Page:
The more we shed light on those hidden, what we may feel are taboo items, the more we can free ourselves. As the elegant lyric from the Leonard Cohen’s song, Anthem reads: 

“The is a crack in everything. That’s how the light gets in.” Help the light get in. Start by sharing a tiny part of your story. 

© Victoria Maxwell


Wabi-sabi. (Whah-bee/Saw-bee). C’mon say it with me. I know you want to. 

Just saying it makes me feel a little better. These two strange words and the concept it encapsulates, has changed the way I look at failure, my mental health, my life, humanity. Seriously. I was introduced to it by the same dear friend who sent me the link of the Thich Nhat Hanh recording about bringing kindness into mindfulness which I wrote in this post.

Yes, she is one wise woman, this friend of mine! You know who you are. 

What is wabi-sabi? Contrary to what I thought it was, it’s not related to wasabi or sushi. Though it is of Japanese origin. 

Derived from Buddhist teachings and ancient Japanese philosophical ideals, wabi-sabi is a world perspective centered on the acceptance of beauty that is “imperfect, impermanent, and incomplete”. 1

Doesn’t that bring you a little bit of relief just reading that? 

Another term for it is ‘flawed beauty’. The modern translation might be ‘perfectly imperfect’. 

The Japanese art form, Kintsugi reflects it brilliantly. Kintsugi is the process where cracked pottery is repaired with gold lacquer to highlight the beauty of the imperfection or damage rather than hiding it. 

Why have I found this idea so powerful? Because in our curated Instagram lives, it celebrates imperfection that inevitably is part of life. That’s my kind of world view. 

When recovering from mental illness, or an addiction, or let’s face it, just plain living life, mis-steps are part of the process, not an exception to it. Like the saying goes: Progress not perfection. Its approach to beautiful messiness is a pragmatic and compassionate one. An approach that, particularly with the creative process or the onslaught of depression, can be sorely absent.

I introduce this concept in my creativity playshops. You’ll also have a chance to experience it in my *FREE* webinar Catalyst for Creativity and Courage: Intro to Telling Your Stories on October 25.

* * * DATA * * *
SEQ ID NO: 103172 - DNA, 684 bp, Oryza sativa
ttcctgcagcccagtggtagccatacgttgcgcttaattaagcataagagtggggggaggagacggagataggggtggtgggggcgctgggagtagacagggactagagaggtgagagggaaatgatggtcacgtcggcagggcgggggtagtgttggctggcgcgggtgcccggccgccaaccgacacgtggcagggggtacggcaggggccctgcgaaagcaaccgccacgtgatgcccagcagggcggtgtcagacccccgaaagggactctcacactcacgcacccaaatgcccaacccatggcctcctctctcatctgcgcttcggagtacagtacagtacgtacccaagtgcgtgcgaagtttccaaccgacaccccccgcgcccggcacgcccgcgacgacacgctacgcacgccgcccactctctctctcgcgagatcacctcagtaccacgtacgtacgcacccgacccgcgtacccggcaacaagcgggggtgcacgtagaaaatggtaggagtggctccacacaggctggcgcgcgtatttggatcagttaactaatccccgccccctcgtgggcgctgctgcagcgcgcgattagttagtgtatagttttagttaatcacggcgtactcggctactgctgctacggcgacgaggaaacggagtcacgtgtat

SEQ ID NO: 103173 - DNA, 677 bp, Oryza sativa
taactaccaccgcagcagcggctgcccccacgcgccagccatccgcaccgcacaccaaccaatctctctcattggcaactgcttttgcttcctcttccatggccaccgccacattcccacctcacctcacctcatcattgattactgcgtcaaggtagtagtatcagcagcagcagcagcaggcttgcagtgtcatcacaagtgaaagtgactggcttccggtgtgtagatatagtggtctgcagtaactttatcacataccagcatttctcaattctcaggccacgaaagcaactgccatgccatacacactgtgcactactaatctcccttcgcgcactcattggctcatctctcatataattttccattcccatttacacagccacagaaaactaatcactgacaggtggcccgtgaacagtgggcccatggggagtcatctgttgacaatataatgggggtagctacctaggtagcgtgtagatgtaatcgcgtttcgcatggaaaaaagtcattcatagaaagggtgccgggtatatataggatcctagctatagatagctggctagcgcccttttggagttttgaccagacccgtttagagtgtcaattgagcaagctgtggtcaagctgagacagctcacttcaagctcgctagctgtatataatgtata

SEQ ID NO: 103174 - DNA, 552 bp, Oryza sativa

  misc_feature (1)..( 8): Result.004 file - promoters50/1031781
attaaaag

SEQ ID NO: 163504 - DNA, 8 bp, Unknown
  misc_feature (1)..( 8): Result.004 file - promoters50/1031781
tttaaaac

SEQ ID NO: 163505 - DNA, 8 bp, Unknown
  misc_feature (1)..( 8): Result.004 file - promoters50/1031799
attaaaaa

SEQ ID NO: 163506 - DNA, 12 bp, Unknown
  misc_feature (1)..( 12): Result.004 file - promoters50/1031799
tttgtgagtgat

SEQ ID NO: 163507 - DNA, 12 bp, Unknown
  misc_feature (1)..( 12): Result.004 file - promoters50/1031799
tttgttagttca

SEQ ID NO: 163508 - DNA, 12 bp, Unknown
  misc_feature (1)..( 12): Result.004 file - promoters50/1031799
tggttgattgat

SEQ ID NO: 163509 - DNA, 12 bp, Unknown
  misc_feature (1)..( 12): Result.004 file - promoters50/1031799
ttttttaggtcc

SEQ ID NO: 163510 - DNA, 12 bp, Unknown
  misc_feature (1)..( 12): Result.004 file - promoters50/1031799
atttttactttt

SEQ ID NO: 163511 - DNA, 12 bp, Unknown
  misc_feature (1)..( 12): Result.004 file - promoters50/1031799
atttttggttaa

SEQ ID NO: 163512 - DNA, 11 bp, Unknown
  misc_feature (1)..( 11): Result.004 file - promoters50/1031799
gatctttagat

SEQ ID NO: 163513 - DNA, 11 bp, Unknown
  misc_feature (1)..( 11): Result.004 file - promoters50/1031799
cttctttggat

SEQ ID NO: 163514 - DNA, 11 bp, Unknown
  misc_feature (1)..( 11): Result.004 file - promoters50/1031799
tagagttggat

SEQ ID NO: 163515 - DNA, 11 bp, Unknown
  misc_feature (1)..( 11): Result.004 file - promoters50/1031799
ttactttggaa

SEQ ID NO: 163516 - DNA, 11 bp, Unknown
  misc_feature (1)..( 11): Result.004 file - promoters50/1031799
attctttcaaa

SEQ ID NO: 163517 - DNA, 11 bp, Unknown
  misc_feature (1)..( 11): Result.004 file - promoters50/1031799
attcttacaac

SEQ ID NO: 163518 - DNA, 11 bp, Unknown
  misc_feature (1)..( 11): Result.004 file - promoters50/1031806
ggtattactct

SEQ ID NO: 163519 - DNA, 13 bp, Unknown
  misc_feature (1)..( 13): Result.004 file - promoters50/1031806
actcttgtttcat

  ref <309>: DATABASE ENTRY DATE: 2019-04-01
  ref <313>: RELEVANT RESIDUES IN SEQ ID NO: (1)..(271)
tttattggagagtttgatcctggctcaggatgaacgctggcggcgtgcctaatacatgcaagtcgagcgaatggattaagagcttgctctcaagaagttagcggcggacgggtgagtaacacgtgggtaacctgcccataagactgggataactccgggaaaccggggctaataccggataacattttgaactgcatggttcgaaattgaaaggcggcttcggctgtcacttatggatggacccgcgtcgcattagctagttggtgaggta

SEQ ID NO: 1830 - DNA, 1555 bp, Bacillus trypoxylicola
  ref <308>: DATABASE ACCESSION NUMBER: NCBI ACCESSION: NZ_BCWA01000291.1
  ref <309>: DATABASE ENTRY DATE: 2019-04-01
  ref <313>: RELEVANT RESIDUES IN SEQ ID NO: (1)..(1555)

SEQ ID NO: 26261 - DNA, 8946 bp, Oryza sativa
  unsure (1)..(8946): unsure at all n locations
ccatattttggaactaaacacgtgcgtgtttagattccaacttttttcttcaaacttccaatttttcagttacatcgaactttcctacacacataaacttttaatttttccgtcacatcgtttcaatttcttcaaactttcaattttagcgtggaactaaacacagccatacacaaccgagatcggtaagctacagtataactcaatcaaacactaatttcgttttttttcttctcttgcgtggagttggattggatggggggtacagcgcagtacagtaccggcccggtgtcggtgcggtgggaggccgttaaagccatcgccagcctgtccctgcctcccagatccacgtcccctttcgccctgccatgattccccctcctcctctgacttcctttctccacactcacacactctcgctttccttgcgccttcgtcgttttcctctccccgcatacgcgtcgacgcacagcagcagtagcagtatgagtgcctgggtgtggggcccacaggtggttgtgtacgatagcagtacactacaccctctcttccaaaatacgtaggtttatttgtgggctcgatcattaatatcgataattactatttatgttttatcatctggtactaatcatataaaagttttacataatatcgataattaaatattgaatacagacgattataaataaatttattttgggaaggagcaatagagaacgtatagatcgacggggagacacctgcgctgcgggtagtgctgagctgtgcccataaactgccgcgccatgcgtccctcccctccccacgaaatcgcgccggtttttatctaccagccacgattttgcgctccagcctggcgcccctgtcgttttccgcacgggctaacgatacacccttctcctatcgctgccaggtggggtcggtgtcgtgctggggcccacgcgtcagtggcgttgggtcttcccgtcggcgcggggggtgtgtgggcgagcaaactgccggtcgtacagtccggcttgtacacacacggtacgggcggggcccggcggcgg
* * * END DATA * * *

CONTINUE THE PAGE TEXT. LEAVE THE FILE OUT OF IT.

I partner wabi-sabi with an improv exercise that underlines the very essence of it. No, we don’t thwack each other with blobs of gold paint or break glasses and put them back together again with glitter tape. It’s called the Failure Bow.

The Transformative Power of the Failure Bow

The ‘failure bow’ hails from the world of improv, but has wider applications than just on the stage. It, along with understanding wabi-sabi, can reframe failure as part of success and the creative process.

The idea of celebrating mistakes has taken off even in corporate settings. You can find variations of it at MomsRising’s “joyful funerals” for failed projects or FailFest as organized by DoSomething.Org. Beth Kanter’s article explains them in more details. 

Innovation and creativity die if stifled by the fear of failure.  Recovery can be stopped in its tracks, and the joy of living can too if perfectionism isn’t tamed. 

Here’s the exercise. Do it and I guarantee you’ll feel a little happier.

 ‘Failure Bow’ (takes less than 30 seconds) 
1. You can do this alone or in a group.

2. Stand in a ‘super hero’ pose. You know, we all have one – even if we haven’t done it since we were 10. Feet hip width apart; hand on hips, chest out, head up and an ear to ear grin.

3. Then lift your arms in the universal “V” victory position and happily, shamelessly, proudly say: “I failed!”

4. And… you guessed it…take a bow (don’t shy away from it – full on bow, bending at the waist – several times if the spirit moves you).

5. Then if you’re in a group, everyone else around you claps, whoots, and hollers for you, celebrating your gaffe with you.

Variations: 

In the Moment Failure Bow

As soon as you’ve noticed you’ve made a mistake – immediately do the failure bow to counteract any self-judgment that might rise. The smile alone will help.

Intentional Snafu Surrender Bow